10/03/2012 - Parked car in A702 layby (NT 10904752). Took signposted path to West Linton and half way there headed to top of Mendick Hill. Fine view of the landscape these three cairns are set in from here. Descended NW to first cairn, 450m NE of Upper Cairn. A lot smaller than the other two (3ft high). Grassed over with disturbed centre. Next we visited Upper Cairn, a short tussocky walk away and then on to the Nether Cairn. This one is brilliant. Followed track to Garvald than back to car. The weather was not great but still had a great day. Thanks to Gladman for his photos of this cairn which made me make the visit here.
So, just how do you follow a visit to such a complex, multi-phase monument as Cairnpapple, then? My solution is to go for the polar opposite, in many respects. 'Chalk' to the aforementioned's 'cheese', so to speak.
So, the A702 leaves the A720 Edinburgh by-pass and heads approx SW, beneath some pretty interesting hills - one none other than the mighty Castle Law (oh for more time...) - towards West Linton. A little beyond this small town, a minor road eventually arrives within the yard of Garvald Farm. A collapsed wall is in the process of being repaired by a group of people who suddenly surround my car. I have no desire to be carted off into a Wicker Man, so jump out to state my purpose and so take control of the situation... only to find my would be 'attackers' are actually 'special needs' people on a farm visit. I feel an inch tall, and rightly so. What a muppet. The farmer, not exactly a shrinking violet, it must be said, is intrigued by my intention to visit the North Muir cairns (or possibly simply takes pity on me) and readily agrees to me parking within his yard. Right on!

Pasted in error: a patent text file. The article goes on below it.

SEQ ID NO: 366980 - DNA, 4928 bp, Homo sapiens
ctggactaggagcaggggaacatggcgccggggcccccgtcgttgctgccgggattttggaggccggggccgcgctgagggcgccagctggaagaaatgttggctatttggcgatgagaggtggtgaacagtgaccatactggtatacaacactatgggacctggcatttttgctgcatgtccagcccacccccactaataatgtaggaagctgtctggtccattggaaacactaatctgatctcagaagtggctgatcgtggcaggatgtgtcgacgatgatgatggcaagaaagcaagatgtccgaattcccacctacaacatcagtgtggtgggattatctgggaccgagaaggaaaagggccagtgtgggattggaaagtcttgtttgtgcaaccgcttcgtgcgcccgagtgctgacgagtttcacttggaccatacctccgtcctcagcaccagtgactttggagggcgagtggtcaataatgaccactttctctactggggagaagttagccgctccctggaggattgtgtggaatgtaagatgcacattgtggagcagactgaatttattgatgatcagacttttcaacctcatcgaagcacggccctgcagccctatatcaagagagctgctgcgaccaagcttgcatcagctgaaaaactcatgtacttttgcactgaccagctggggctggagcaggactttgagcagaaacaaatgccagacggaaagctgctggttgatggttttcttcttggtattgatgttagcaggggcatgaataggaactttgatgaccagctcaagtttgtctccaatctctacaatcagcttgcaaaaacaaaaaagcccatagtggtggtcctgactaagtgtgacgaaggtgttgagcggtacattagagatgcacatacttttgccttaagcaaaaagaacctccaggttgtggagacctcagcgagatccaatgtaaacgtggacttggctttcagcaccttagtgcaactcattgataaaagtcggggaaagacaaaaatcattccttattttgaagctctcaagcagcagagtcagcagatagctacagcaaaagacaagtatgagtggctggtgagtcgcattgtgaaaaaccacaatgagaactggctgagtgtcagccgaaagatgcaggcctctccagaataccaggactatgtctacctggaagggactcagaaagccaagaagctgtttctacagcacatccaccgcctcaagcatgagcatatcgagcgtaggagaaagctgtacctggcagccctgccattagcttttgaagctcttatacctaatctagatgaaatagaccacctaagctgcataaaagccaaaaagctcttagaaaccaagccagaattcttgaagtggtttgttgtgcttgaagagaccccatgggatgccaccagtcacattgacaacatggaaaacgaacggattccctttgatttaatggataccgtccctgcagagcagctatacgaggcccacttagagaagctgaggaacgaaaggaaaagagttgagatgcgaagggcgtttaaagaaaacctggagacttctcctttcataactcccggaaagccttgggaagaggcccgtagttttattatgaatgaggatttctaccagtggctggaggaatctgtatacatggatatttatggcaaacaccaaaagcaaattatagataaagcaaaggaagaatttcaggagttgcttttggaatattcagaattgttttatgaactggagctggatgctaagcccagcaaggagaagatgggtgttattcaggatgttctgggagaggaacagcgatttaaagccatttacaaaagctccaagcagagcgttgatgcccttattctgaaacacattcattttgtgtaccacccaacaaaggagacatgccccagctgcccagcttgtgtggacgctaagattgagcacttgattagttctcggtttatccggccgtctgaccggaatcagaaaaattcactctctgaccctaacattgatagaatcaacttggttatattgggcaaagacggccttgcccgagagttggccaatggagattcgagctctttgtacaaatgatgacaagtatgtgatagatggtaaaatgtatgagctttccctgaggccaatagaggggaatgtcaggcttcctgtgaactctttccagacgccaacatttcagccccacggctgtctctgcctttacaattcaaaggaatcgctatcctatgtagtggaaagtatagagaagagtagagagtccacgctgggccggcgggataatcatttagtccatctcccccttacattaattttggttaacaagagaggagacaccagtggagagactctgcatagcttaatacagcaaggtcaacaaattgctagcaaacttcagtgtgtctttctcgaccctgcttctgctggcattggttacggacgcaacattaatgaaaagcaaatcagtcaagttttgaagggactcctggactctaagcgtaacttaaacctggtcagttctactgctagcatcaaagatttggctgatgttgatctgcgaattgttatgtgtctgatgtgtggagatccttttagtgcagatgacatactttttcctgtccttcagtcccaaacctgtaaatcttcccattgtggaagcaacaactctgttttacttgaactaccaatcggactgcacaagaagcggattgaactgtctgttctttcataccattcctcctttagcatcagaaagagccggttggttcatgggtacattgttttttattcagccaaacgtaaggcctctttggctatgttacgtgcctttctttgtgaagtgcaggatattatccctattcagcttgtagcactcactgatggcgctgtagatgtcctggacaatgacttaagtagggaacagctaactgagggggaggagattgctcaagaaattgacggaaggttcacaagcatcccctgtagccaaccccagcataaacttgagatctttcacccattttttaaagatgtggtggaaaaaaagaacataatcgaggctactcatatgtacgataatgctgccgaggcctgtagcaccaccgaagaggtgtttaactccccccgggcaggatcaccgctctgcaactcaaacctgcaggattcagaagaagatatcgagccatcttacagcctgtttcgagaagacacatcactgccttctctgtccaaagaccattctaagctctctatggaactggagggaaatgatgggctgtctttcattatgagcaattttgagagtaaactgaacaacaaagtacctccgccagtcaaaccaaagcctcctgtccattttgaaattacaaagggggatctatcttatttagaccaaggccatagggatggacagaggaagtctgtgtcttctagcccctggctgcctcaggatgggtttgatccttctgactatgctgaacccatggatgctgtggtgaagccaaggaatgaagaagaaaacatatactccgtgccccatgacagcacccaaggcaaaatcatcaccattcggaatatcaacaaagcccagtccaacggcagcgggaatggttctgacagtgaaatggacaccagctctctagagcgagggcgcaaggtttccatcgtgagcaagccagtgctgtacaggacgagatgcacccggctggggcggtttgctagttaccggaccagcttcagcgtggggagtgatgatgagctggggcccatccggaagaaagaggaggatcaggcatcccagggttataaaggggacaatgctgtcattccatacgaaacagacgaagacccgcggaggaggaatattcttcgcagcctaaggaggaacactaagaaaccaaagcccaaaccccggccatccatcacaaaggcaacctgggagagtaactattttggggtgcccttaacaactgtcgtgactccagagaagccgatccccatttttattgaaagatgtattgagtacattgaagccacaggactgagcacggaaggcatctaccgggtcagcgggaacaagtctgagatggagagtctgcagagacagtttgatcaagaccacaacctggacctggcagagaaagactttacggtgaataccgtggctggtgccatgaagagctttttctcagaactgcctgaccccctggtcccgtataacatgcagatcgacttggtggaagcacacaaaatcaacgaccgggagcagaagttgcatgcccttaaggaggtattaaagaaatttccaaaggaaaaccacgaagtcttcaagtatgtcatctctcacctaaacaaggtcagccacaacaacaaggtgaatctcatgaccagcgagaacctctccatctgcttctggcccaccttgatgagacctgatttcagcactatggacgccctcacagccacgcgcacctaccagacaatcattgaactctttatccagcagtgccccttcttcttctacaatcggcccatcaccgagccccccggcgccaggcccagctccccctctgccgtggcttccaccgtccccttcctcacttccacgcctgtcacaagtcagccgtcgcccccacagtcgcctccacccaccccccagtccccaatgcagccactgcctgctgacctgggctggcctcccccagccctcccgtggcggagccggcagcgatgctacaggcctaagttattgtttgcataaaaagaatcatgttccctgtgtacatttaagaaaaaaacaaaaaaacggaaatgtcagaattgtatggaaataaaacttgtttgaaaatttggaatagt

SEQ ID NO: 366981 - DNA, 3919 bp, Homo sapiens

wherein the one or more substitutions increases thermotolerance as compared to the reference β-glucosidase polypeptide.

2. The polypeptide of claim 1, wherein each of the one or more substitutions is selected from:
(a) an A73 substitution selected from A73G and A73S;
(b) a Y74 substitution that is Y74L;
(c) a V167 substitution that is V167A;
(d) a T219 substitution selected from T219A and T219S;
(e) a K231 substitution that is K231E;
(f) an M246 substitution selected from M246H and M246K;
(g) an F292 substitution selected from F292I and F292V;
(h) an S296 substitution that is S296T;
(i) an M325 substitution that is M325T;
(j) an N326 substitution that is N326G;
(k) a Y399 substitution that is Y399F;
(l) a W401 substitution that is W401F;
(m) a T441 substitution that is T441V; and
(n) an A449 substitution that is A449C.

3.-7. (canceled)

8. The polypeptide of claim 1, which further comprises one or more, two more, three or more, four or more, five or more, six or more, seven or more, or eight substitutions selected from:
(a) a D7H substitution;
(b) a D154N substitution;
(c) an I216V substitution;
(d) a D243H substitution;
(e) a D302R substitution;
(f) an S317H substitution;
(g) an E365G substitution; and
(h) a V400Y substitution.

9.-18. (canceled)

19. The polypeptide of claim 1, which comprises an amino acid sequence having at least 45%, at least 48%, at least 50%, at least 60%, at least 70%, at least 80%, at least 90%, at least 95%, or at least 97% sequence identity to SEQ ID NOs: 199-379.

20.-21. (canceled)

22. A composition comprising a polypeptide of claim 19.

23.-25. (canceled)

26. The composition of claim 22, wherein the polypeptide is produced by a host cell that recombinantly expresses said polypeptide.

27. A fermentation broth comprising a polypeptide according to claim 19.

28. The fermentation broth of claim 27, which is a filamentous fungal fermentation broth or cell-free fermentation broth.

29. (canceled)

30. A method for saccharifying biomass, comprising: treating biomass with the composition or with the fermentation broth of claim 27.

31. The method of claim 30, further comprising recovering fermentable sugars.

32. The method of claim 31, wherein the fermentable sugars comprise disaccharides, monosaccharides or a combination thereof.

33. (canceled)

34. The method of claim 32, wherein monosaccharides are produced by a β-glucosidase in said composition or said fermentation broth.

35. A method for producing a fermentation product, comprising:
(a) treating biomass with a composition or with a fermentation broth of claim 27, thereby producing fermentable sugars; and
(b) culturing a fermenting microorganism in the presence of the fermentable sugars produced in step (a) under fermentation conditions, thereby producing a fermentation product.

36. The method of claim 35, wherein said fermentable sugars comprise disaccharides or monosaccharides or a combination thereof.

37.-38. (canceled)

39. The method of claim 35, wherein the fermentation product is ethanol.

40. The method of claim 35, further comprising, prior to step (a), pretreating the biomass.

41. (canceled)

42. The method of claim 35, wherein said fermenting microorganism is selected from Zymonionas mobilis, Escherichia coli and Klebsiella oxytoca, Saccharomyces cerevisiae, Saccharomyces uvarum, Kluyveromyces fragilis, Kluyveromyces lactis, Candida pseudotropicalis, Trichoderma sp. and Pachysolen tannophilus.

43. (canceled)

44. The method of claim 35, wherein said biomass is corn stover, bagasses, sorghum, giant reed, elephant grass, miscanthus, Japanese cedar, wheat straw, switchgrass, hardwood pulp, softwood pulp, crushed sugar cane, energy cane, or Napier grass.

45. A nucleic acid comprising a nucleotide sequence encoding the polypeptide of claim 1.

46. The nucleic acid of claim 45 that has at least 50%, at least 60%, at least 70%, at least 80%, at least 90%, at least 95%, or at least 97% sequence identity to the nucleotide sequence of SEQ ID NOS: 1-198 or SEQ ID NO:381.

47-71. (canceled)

In actual fact the road continues to Medwynbank Farm to the NE, but the walk beside Garvald Burn is pleasant, the tarmac reverting to unmade track and passing to the left of a small lake prior to striking out across the moor. The aforementioned burn has cut a deep gulley to my right, North Muir Hill and Mendick Hill flanking the valley to left and right respectively. So where are the cairns, then? Nether Cairn is not long coming... and it looks an absolute beauty... but I decide to carry on to the Upper Cairn first of all.
Although somewhat ravaged, no doubt through the attentions of generations of 'stone hungry' farmers, the monument is still very substantial and in not bad nick, all things considered. I climb to the summit to find that, curiously, its neighbour is visible from here, but not from down below. Mere coincidence, or by design? I stay for approx an hour as the weather turns... and how! A front of vicious hail sweeps in and I search my rucksack in vain for gloves. Doh! They say every cloud has a silver lining, but here the lining is, literally, comprised of every colour of the rainbow. Dawkins is right. Even though I understand how it is formed, the wonder is never diminished. Simple things bring such pleasure, eh?
None more so than a great, conical pile of stones known as Nether Cairn to which I now make my way. Greywether is spot on, this is a truly perfect round cairn, virtually intact. The siting, upon this wild (tell me about it!) wind, hail and sun-swept moor ensures just about the perfect vibe. What more is there to say? If perfectly formed round cairns are your thing you won't do any better than Nether Cairn and its 'ugly' sister.
Come, it is time to keep your appointment with the North Muir cairns.....